The ACT's new shadow women's minister has used her maiden Assembly speech to outline her conservative vision for home, family and a white picket fence.
Liberal MLA Giulia Jones told the chamber in her first speech on Tuesday that she rejected the ''nagging'' of feminist public debate, was free to want a climbing rose over her white picket fence and would fight against the notion of women as victims.
Labor newcomer Yvette Berry and Mrs Jones's fellow Liberal Andrew Wall were also making their speaking debuts in the Assembly on Tuesday. Labor's Mick Gentleman, a former MLA who regained his seat last month, declined to make a speech.
Mrs Jones told her fellow MLAs that she was part of a group of modern conservative women.
''As a member of the Liberal Party, I learned from the women of our movement that there was no need to give up on the conservative vision of home and family to be a success,'' Mrs Jones said.
''As a confident, aspirational woman with strong traditional family values, I see myself as part of a growing group of modern conservative women.
''Modern because we embrace the opportunities of today; and conservative because we do not consider ourselves to be better than all the generations that have come before.''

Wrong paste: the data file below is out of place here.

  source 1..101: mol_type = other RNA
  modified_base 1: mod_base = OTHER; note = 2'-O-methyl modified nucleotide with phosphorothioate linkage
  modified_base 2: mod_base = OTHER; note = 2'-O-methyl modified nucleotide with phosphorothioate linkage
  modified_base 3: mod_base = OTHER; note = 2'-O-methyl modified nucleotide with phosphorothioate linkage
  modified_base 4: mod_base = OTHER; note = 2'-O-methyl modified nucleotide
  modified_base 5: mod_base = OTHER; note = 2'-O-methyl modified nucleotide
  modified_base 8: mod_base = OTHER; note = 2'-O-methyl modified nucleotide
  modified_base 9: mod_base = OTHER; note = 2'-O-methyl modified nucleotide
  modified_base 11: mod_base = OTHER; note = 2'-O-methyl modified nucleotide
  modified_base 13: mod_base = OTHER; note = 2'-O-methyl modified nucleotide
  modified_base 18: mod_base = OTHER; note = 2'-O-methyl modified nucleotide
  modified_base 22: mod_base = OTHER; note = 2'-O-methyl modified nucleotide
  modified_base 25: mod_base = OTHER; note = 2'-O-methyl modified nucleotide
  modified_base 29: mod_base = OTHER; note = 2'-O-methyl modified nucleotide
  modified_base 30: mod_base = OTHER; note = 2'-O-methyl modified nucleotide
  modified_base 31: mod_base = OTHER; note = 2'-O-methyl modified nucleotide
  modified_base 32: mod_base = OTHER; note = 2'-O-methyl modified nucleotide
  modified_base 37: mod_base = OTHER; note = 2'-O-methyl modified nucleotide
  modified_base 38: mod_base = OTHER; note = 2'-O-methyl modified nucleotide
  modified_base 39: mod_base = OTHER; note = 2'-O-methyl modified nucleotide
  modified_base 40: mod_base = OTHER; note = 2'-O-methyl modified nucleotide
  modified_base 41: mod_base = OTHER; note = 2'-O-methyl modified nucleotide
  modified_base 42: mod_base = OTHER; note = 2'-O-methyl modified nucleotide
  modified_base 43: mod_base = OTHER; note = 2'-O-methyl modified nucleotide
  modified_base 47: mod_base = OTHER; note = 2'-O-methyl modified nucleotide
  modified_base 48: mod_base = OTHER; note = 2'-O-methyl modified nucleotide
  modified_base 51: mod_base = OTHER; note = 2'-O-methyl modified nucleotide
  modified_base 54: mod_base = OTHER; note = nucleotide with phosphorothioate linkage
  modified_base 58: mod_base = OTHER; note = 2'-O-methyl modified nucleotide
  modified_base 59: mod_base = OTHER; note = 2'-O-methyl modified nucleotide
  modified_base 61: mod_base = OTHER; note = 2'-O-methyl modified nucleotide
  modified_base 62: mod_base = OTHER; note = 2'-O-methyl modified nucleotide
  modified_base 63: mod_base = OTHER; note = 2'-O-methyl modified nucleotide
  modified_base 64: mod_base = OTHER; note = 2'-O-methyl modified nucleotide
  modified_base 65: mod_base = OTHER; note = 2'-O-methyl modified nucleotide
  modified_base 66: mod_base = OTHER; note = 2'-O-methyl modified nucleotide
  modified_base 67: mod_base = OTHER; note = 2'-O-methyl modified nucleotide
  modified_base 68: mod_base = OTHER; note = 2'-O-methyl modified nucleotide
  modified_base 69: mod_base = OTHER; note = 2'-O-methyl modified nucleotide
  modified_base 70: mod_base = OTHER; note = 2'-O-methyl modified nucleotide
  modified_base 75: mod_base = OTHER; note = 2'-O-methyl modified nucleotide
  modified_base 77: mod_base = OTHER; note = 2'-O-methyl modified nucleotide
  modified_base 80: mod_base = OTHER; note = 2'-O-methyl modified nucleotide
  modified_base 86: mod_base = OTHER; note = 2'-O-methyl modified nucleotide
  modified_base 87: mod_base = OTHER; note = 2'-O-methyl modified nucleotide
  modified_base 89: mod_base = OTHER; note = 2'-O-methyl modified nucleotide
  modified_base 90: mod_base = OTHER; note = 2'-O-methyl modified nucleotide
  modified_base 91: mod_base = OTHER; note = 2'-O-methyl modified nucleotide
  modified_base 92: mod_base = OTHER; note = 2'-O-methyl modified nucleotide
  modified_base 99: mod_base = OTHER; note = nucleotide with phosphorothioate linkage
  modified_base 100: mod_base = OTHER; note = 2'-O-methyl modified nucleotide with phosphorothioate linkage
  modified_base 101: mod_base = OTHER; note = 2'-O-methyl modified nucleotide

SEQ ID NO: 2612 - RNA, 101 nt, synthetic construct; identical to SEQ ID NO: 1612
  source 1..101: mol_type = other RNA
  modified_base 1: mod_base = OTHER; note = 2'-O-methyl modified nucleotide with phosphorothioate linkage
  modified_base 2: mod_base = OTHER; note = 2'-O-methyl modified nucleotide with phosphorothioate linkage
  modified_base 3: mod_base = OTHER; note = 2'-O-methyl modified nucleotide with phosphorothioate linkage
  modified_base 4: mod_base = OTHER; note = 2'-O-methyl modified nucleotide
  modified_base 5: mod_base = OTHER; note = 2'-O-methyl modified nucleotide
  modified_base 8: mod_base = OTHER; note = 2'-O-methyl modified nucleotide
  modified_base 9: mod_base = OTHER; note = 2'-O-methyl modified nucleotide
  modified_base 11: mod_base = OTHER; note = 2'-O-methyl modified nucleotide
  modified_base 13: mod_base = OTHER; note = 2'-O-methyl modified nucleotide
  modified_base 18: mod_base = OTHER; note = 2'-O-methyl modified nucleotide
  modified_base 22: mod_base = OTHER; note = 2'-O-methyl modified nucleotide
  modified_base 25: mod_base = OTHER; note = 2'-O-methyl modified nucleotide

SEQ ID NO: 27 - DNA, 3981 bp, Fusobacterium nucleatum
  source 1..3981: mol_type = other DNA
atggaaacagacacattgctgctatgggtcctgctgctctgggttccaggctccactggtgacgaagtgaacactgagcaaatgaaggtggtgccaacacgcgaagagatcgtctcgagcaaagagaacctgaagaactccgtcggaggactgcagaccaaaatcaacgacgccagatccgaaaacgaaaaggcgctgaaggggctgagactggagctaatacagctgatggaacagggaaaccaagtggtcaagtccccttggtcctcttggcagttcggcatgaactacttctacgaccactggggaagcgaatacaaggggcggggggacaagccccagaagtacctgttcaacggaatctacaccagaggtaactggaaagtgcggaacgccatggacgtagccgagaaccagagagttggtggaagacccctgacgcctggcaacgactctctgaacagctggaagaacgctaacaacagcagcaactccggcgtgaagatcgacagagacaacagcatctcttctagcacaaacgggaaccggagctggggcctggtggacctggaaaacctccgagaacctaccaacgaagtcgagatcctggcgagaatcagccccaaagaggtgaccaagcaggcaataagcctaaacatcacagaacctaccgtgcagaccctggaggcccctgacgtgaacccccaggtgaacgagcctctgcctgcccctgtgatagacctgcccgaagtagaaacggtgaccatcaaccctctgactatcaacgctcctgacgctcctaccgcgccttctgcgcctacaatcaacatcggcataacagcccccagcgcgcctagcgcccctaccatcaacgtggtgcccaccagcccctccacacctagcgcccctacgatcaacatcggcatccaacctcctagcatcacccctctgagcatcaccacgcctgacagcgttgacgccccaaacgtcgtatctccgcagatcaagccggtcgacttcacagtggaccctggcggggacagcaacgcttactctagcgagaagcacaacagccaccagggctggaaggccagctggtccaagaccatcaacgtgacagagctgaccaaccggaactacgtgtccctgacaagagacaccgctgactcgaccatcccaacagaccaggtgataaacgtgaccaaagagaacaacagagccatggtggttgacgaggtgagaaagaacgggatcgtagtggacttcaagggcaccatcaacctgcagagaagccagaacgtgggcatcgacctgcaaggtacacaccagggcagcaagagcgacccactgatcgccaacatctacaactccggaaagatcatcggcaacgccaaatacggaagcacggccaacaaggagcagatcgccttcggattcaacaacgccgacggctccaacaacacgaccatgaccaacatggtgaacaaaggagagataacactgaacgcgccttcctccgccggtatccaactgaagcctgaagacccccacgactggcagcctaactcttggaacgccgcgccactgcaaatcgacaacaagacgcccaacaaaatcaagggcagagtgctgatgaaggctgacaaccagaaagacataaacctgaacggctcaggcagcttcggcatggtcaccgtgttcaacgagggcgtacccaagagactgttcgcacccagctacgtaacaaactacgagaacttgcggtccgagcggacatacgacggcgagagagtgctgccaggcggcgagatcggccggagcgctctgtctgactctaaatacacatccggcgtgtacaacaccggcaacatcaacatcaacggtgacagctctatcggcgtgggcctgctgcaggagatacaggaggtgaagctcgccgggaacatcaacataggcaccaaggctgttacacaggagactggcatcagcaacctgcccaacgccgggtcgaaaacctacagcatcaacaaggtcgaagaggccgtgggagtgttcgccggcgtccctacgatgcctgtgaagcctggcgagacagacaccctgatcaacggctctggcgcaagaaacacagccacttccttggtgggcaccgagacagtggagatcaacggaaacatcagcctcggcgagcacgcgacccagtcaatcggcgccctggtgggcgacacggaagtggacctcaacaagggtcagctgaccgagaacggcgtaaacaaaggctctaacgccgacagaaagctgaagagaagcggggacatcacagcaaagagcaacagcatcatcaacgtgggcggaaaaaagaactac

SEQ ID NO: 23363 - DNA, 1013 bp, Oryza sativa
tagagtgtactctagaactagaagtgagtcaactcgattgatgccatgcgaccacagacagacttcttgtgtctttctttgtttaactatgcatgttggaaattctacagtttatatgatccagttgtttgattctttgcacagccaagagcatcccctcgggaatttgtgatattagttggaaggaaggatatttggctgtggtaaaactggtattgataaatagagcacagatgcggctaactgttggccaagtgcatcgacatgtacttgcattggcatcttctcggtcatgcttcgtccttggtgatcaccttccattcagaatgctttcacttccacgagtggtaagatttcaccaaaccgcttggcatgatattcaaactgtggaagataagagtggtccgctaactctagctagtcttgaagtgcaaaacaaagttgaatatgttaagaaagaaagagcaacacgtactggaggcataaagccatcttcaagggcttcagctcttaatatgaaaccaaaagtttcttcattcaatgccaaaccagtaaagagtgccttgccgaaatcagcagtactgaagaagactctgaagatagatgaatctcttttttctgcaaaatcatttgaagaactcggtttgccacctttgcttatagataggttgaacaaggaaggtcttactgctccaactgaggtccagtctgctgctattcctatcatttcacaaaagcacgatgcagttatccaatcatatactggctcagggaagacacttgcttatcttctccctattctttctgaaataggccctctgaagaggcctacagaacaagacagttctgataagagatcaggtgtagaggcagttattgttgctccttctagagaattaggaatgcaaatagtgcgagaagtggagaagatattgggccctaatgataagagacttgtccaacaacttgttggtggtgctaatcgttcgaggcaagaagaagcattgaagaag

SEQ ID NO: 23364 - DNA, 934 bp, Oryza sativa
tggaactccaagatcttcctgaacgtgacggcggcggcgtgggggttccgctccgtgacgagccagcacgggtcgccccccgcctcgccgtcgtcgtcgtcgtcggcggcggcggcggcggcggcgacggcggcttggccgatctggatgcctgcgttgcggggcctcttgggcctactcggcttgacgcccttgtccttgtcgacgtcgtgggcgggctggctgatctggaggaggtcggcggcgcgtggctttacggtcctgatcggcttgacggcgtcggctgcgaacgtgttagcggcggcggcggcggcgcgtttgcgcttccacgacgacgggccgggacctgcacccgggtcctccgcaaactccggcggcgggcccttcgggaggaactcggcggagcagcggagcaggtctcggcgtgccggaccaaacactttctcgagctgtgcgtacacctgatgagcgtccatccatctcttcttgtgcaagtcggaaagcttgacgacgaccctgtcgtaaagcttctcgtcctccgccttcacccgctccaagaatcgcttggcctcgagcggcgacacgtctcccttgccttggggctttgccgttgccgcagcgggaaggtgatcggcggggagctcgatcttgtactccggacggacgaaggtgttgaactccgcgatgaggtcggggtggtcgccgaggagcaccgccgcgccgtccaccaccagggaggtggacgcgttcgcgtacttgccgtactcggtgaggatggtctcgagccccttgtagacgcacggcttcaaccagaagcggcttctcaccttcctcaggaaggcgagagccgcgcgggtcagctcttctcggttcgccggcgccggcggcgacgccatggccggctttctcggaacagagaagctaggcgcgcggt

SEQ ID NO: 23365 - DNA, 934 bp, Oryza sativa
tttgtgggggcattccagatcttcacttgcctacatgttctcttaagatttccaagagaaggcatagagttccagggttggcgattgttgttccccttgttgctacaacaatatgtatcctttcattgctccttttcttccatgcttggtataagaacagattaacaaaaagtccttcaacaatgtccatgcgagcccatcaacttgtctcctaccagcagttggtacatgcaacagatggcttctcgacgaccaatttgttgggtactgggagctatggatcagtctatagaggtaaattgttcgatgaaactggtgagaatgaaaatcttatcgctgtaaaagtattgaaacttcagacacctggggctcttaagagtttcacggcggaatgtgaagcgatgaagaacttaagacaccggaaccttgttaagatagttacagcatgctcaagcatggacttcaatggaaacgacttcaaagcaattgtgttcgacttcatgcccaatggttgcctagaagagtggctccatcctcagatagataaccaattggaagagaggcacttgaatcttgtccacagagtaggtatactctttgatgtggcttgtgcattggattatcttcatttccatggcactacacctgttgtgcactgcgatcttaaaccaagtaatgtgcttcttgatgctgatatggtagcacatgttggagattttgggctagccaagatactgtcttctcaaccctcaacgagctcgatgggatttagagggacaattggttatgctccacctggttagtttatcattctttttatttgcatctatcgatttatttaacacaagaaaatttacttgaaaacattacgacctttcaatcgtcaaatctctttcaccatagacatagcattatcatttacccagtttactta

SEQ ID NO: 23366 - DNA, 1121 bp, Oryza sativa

The mother of four said she rejected the idea that modern women should be ''enslaved'' by the feminist movement.
''Though thoroughly pro-woman, I do not feel enslaved to the feminist movement and I certainly fight against the idea that I am in any way a victim,'' she said. ''I know my life is better than my grandmother's and I reject the constant nagging of an older-style feminist public debate that tries to make women feel bad for not achieving something that they want for our lives.
''I feel free to want a white picket fence and not just a fence but a climbing rose over the fence, a nice house partly bought with my earning power and an equal say over all aspects of life.''
Newly elected Labor backbencher Ms Berry, a former United Voice union official, raised the plight of Canberra's low paid workers.
''They are some of the hardest working members of our community and yet they are some of the lowest paid,'' she said.
New Liberal Brindabella MLA Mr Wall said he would use his time in the Assembly to concentrate on ''roads, rates and rubbish'' for the people of his electorate.
''They want quality roads to travel on, they want to find a car park at their local shopping centre, they want choices where their children go to school,'' he said.
The youngest MLA said he had learnt much in his time flipping burgers at a McDonald's before he joined his family's business. ''My confidence, communication skills and work ethic are all derived from my time cooking and selling hamburgers,'' he said.